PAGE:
6.  Finally, you can read a debut novel BY a furloughed government worker, Michael Landweber. We is his highly creative book about a fortysomething who finds that he can go back in time into the mind of his seven-year self, thus presenting the opportunity to prevent a terrible event that befell his sister. It’s a quick, exhilarating read by a promising new writer.

So while you’re passing the hours at home trying not to check your Blackberry (yes, Blackberry – this is the government), give these books a try. And then let me know what you thought.

 

LABOR DAY by Joyce Maynard


It’s only fitting that I just finished Labor Day, by Joyce Maynard, today, the week before Labor Day weekend. It was a really good book and I am glad that I brought it with me on vacation.

Labor Day is about a five day period in the life of Henry, a thirteen year-old boy living in New Hampshire with a depressed, agoraphobic mother named Adele. His father has a new family and takes him out once a week for dinner. But Henry is lonely and burdened by the responsibility of taking care of his mother, who depends on him for companionship. One day, when Henry has convinced her to take him shopping for school clothes, a man approaches them and says that he needs their help. It turns out that the man is Frank, an escaped convict who needs someone to take him in and hide him from the police. To his great surprise, Adele agrees.

Labor Day is told from the perspective of a thirteen year-old boy, so the narration is rather simple. But the themes he tackles – love, sex, parenthood, miscarriages, death of a baby, loneliness – are not simple at all. Henry’s observations of his mother’s relationship with Frank, combined with his own budding feelings about girls, are powerful and poignant. The book is sad, even haunting at times. But it’s a deeply moving and memorable read. I especially enjoyed the last chapter, where a thirty-one year-old Henry looks back on that summer and the paths his life took from there. The sentences grew more sophisticated and complex in that section of the book – like their narrator – a literary tweak that I appreciated as I read.

I loved this passage, in which Henry’s father describes Adele: “She was in love with love. She couldn’t do anything partway. She felt everything so deeply, it was like the world was too much for her. Any time she’d hear a story about some kid who had cancer, or an old man whose wife died, or his dog even, it was like it happened to her. It was like she was missing the outer layer of skin that allows people to get through the day without bleeding all the time. The world got to be too much for her. Me, I’d just as soon stay a little bit numb.”

This Amazon link has an essay by Joyce Maynard about the different obsessions in her life that explain how she created Labor Day. I always enjoy reading about how authors decide what to write about, and how much is taken from their own experience.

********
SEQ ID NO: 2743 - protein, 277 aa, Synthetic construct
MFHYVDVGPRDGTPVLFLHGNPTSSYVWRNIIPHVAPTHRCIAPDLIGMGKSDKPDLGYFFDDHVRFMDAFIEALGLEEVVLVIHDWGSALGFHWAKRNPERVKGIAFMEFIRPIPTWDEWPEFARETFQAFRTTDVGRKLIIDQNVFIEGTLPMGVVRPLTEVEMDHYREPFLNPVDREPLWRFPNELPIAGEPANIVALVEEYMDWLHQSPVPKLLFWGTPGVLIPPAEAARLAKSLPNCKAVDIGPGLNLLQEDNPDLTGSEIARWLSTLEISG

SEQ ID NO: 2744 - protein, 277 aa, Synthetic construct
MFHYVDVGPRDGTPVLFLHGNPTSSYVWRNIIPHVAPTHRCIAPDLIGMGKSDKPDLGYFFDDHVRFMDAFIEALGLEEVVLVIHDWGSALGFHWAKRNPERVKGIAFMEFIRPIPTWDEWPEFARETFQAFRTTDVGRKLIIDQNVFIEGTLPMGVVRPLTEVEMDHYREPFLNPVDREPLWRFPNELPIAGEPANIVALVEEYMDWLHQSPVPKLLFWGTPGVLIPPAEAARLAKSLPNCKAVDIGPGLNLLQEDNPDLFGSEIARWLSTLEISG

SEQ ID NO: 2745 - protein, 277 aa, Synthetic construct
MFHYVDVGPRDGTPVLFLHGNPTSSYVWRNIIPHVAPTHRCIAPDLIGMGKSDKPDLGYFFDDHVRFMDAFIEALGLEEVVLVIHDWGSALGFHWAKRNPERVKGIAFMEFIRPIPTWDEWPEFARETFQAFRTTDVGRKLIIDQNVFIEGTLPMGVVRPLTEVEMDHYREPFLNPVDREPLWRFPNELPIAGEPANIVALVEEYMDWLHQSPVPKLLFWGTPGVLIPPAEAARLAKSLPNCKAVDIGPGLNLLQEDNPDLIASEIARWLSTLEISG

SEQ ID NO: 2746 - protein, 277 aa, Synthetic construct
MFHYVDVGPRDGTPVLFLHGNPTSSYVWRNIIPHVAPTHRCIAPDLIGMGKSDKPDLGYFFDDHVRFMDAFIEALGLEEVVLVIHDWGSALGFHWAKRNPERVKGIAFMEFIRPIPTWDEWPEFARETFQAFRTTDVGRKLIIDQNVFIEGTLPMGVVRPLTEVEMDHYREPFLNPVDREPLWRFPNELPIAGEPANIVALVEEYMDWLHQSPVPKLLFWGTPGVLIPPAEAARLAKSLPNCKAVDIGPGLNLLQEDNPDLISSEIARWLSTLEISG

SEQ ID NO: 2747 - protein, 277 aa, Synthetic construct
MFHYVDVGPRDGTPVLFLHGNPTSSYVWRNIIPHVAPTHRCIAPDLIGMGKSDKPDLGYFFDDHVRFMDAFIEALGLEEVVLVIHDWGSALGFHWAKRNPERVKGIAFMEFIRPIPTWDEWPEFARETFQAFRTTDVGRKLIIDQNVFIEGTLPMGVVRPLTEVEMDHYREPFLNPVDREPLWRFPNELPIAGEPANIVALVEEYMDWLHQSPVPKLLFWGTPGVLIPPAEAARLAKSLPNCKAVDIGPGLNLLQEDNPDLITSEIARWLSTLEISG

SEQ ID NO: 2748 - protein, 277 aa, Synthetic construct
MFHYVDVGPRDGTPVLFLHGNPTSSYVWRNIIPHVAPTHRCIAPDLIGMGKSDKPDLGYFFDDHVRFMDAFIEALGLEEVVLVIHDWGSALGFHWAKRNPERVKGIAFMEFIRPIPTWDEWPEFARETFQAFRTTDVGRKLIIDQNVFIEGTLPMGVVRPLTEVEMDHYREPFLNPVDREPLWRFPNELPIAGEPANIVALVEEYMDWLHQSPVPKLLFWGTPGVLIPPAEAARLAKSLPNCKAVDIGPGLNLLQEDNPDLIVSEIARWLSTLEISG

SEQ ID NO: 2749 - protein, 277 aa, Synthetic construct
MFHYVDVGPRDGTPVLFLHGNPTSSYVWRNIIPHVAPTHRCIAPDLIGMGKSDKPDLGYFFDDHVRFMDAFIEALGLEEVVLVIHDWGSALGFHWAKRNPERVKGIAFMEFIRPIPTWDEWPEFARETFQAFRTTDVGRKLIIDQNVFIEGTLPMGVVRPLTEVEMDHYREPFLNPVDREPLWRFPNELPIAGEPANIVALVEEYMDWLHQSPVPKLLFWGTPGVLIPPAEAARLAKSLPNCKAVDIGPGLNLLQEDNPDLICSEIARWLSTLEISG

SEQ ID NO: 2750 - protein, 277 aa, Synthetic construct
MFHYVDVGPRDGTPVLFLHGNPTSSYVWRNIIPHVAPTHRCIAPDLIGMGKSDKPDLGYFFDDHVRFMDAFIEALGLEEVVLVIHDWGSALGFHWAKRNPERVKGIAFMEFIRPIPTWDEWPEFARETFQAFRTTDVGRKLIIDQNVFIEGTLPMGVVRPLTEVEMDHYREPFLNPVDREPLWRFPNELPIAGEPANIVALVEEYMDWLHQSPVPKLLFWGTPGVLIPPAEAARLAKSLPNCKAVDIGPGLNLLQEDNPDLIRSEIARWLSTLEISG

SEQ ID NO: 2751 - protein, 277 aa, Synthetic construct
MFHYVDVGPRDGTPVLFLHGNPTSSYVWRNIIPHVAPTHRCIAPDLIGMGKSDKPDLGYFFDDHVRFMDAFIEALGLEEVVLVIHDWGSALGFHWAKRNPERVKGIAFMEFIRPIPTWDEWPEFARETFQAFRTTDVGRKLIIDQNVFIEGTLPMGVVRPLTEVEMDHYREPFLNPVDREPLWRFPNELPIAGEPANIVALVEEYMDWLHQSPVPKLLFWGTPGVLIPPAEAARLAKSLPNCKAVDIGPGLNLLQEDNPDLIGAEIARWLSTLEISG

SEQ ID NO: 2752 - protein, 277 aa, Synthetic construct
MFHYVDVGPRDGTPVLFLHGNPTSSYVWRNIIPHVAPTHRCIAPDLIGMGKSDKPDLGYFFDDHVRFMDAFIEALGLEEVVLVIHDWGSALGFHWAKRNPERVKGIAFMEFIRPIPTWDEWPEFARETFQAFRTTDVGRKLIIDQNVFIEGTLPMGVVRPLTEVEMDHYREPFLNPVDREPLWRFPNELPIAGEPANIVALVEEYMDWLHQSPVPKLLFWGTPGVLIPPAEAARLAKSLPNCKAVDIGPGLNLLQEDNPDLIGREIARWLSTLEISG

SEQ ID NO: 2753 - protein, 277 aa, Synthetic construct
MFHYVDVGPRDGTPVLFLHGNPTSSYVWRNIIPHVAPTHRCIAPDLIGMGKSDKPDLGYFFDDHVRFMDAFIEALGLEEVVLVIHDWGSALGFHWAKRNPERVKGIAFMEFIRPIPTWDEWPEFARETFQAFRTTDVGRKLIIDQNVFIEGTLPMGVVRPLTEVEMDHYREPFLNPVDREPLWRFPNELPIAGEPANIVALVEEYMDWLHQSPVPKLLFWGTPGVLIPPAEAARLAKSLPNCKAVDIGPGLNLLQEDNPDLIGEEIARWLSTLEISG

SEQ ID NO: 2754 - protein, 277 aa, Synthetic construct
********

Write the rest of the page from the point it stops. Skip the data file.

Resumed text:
This was my first Joyce Maynard novel, and it definitely won’t be my last. Highly recommended.

[This book came from a used book sale. I just saw what I spent on it it – $3 – which means I grossly underpaid for the pleasure of reading and owning this book.]

Wednesday Book Links

A few book-related links for this Wednesday:

I am always fascinated by the topic of what happens when writers write about their family members, either outright, or through characters in novels. A few months ago, author Joyce Maynard wrote an essay that was published in The New York Times'' "Modern Love" column about a time many years ago when she snooped in her daughter's email and learned something very private about something her daughter was going through. Maynard had been racked with guilt ever since about invading her daughter's privacy. Yesterday, her daughter, Audrey Bethel, posted her side of the story at DoubleX in a feature called "Modern Love Revenge". (How cool that this blog has launched a column for people discussed in the Sunday Styles column to have their say?) I thought Bethel's post was really well-written. How mature to think this way: "I tried to keep reminding myself that it was her story, and her emotions to resolve, so that I could make peace with what she wrote, rather than allow myself to view it as a not-so-necessary exposé in which I am the main character." I imagine that it was difficult to be so gracious!

Thanks to Book Club Girl, I discovered this blog: Flashlight Worthy. (Oh, how I remember those nights of crouching in my bedroom reading via flashlight, because it was "past my bedtime". If only I could stay up past my bedtime now.) Flashlight Worthy is full of all kind of cool book lists, like The 10 Best Books of 2009 For Book Clubs and What New Yorkers Read on the Subway and The 7 Best Novels About WASPs. There are so many good lists to peruse.

Finally, thank you Literary License for pointing me to this L.A. Times essay by David Ulin called "The Lost Art of Reading." Ulin talks about how reading is like meditation, and that with all of our competing activities these days – television, email, the internet – it's hard to settle down to read.  Ulin writes, "What I'm struggling with is the encroachment of the buzz, the sense that there is something out there that merits my attention, when in fact it's mostly just a series of disconnected riffs and fragments that add up to the anxiety of the age." I really relate to this. There are so many things that take me away from reading these days – work, book blogs (!), social networking, that I am reading less and less. It does take a concerted effort to shut out the clutter and focus on escaping into a book.

How do you stay focused on reading when there are so many other things demanding your attention?